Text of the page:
What is the “LSAT” and Why Is It so Important?
The LSAT is an exam required for admission at most law schools.
It is offered four times a year in June, October, December, and
February. Generally you need to register for the exam about a month
prior to the administration date for the regular fee, although you
can pay additional money to register “late,” viz., a few weeks
before the exam.
The LSAT consists of 101 multiple choice questions. Your questions
will be organized in one of three categories:
* Reading comprehension
* Logical reasoning
* Logic Games
You will answer questions in five 35 minute intervals in these
various categories; thus, you might have 1 section of reading
comprehension followed by 1 section of logical reasoning followed by
a section of logic games, logical reasoning, and reading
Your exam will always consist of two logical reasoning sections, one
reading comprehension, and one logic games section; the last section
which is “experimental” can be in any one of these categories. The
experimental section is not scored, but you generally can’t tell
which one it is, so you should take each section equally seriously.
Your score for the LSAT is based on the total number of questions
you answer correctly; incorrect answers are NOT penalized so you
MUST guess if you don’t know the answer to a question – you have
nothing to lose. Your final score will be between 120-180, and will
be accompanied by a percentile ranking which will indicate how your
score compares to others who took the same test.
2. What are the LSAT questions like?
Logical reasoning: since there are two sections of these problems,
this is probably the most important category to work on; each
section will have about 25 questions which will provide a short
argument or claim and then a few questions based on analyzing that
argument or claim
Logic games: usually this section consists of four “games” which
have 4-7 questions each; the game involves figuring out some
information or organization through applying a set of rules and
Reading comprehension: difficult readings of up to 450 words in
either law, humanities, natural science or social science; 5-8
questions per passage; usually 4 passages with about 27 total
Your exam will end with a 30 minute essay question.
For many schools this item is given the most weight in an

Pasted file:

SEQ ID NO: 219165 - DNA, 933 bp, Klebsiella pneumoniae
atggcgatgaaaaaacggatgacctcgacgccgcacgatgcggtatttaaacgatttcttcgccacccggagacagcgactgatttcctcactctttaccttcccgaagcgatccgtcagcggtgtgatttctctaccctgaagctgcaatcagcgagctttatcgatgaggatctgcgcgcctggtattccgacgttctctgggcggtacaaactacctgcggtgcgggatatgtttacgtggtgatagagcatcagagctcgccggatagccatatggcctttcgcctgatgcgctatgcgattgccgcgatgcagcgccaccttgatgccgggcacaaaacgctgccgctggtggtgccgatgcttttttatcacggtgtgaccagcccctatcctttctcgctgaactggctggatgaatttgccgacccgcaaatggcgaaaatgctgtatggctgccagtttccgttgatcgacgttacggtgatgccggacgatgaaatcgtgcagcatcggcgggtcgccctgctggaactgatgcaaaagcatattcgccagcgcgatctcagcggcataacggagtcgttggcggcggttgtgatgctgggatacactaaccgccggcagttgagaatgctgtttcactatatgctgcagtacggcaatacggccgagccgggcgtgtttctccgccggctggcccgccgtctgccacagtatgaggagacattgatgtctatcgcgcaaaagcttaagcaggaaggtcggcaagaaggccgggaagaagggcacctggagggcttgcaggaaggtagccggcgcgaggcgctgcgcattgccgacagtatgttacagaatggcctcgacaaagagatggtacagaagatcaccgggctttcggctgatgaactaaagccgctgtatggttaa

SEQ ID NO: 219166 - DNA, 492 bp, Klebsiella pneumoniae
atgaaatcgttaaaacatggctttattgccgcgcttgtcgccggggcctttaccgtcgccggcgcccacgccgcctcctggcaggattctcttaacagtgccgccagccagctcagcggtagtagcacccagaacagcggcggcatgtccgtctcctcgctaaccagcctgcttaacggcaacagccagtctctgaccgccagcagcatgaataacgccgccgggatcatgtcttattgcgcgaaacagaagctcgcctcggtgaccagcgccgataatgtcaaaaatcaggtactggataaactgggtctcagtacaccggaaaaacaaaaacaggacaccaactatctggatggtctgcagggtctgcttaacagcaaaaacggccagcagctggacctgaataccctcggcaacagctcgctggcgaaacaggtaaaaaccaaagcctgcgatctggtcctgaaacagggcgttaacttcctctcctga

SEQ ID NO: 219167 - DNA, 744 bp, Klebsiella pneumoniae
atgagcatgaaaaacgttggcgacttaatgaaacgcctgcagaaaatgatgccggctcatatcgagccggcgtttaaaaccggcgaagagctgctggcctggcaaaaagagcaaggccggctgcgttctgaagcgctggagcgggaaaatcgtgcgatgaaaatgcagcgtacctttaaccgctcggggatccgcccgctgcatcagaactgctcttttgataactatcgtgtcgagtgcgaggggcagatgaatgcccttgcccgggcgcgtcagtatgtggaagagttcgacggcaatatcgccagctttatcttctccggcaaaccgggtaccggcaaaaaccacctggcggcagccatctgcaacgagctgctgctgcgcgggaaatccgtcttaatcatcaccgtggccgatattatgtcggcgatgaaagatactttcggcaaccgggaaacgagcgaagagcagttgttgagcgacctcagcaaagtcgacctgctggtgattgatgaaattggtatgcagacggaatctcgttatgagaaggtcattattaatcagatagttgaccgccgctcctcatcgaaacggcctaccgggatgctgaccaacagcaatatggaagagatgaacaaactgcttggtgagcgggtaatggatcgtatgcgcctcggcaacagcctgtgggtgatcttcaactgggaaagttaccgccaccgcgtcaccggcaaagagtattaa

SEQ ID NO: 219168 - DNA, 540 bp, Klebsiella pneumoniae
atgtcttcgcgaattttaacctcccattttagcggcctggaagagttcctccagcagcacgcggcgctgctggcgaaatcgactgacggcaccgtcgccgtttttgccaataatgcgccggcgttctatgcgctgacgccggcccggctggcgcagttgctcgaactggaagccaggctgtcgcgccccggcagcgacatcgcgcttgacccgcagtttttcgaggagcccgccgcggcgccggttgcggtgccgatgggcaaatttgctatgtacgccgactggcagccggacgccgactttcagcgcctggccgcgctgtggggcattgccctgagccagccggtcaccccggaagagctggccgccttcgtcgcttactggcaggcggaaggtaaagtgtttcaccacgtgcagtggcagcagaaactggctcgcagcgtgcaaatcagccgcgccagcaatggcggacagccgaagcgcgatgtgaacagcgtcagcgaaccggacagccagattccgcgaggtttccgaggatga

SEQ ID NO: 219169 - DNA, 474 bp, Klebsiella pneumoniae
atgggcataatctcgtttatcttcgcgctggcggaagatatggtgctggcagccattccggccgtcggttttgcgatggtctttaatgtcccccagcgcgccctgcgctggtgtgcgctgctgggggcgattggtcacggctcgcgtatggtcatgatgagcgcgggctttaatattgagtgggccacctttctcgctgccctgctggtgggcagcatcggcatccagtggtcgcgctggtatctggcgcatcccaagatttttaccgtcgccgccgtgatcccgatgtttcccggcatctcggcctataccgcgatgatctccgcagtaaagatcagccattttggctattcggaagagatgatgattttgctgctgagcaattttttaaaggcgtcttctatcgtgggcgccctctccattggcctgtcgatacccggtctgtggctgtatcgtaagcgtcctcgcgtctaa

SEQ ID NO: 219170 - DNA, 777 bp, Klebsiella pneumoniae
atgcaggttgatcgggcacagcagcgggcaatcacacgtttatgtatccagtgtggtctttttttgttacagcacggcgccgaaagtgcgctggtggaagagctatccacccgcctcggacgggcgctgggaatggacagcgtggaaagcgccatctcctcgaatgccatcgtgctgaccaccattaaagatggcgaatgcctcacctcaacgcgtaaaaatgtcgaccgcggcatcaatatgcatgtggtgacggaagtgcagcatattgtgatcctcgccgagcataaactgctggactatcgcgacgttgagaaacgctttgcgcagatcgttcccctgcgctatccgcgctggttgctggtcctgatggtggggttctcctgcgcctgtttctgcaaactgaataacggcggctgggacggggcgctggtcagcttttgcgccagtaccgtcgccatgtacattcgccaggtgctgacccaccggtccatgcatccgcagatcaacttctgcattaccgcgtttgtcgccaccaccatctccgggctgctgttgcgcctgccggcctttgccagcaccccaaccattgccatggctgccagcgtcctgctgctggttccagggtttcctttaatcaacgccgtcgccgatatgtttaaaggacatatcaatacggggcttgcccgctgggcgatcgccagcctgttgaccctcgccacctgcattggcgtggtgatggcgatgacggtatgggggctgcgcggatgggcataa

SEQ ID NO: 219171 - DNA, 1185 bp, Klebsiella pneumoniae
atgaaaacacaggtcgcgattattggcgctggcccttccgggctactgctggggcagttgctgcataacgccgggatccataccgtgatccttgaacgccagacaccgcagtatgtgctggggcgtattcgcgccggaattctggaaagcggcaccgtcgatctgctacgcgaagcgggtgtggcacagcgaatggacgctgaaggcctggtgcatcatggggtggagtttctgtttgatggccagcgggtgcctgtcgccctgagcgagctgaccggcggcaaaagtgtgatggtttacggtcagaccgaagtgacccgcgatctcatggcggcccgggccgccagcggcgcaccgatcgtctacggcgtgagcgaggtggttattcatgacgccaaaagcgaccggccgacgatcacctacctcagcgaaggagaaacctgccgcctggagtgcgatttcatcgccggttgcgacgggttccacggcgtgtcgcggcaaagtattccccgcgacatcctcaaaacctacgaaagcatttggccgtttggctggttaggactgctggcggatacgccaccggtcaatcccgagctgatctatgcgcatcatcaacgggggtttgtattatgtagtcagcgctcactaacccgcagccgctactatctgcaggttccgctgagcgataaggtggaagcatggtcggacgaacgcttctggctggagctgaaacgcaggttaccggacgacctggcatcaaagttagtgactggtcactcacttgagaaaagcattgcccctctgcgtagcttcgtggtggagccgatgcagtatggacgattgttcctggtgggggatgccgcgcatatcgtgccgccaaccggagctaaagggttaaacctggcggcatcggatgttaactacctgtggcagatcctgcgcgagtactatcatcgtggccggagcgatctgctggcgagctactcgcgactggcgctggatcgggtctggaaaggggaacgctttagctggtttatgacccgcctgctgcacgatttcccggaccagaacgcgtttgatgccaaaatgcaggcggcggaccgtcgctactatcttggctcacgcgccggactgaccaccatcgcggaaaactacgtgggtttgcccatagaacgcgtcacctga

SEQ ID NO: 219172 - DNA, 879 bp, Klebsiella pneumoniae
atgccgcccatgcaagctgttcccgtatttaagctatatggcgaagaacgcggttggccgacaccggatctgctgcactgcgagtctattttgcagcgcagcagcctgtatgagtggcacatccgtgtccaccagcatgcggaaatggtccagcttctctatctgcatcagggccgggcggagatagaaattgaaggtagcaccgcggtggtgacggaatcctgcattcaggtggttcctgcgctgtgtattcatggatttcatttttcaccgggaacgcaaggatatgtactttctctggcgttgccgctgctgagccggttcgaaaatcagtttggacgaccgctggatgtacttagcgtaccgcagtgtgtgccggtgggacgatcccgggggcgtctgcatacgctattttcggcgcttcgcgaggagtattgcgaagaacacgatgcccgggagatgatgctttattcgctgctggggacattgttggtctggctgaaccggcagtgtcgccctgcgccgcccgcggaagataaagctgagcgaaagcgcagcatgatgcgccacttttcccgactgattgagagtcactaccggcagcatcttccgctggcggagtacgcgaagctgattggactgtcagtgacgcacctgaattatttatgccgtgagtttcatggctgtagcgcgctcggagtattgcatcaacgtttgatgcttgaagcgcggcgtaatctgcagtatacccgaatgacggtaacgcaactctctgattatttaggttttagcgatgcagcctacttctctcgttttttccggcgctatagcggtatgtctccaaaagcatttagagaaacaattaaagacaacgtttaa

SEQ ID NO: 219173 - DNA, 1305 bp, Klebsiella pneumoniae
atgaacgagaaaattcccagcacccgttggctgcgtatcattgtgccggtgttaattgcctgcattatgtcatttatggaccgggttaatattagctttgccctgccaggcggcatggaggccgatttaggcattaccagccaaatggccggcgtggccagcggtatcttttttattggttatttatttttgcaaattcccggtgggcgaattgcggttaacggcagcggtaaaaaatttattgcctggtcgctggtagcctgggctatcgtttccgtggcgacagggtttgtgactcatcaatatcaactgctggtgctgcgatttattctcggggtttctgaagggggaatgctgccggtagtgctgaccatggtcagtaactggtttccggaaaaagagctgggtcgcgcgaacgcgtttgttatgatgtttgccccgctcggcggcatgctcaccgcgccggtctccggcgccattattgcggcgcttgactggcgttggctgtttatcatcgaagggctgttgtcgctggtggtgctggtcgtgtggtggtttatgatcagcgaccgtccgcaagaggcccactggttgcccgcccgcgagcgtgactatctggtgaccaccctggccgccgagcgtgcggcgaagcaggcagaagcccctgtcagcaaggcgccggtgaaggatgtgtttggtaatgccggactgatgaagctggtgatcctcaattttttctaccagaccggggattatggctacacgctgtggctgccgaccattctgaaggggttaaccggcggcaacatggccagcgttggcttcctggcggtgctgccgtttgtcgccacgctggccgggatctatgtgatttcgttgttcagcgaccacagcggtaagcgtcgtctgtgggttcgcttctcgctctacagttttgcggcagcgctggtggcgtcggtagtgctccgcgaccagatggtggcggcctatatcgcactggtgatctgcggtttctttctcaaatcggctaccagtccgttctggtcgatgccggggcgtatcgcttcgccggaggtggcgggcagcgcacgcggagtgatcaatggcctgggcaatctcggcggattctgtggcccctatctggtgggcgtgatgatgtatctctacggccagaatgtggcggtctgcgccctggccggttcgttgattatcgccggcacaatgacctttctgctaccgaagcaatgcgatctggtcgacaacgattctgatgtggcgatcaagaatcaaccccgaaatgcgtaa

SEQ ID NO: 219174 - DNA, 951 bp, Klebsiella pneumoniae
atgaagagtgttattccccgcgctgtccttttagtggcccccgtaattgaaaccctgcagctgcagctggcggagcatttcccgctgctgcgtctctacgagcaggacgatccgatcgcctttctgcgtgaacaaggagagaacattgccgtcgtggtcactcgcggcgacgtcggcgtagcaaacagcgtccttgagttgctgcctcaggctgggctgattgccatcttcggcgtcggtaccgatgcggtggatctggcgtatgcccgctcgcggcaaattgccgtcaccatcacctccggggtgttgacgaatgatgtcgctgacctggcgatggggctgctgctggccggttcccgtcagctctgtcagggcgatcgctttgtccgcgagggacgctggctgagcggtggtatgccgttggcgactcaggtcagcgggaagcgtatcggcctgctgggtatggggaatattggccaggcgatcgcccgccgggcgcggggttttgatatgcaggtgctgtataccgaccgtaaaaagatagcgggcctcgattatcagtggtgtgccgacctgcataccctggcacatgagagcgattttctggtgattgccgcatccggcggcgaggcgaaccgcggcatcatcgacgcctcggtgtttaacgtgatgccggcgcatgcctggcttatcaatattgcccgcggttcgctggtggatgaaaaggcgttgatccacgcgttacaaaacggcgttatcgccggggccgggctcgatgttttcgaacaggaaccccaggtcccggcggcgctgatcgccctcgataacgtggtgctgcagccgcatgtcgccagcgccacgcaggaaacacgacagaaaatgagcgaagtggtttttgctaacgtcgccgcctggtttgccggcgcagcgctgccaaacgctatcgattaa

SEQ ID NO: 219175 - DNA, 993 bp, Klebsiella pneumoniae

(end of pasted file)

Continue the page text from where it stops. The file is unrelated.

application package, and in any event it is usually taken very
seriously (although some schools do tend to discount its importance
in their admissions decisions).
Your best bet for the LSAT is to get very comfortable with the
format and the types of questions that are on it. Start studying at
least six weeks in advance. You should take as many prior LSAT
examinations as you can under actual timed test conditions before
taking the real thing. This way when you sit down in the actual exam
room it won’t seem so alien or anxiety provoking. Try to make the
process of getting ready for and taking the exam as routine as
3. Canceling and Retaking the LSAT
Only cancel your score or take the exam again if you really think
there was something that substantially hindered your prior
performance (horrendous test conditions, lack of preparation or
sleep, illness, etc.). You have five days after your exam to decide
whether to cancel your score; cancellations are reported to schools.
If you do take the test again, you will probably want to explain any
significant discrepancy between your test scores. Many but not all
schools will simply average your two scores if you take the exam
more than once.
You may only take the LSAT three times in a two-year period. That
should be plenty.
4. LSAT prep courses
They are expensive, but many folks swear by them. If you take into
account the expense of law school, it probably makes sense to take a
prep course unless you are very disciplined and can get ahold of
numerous practice tests which you will take and analyze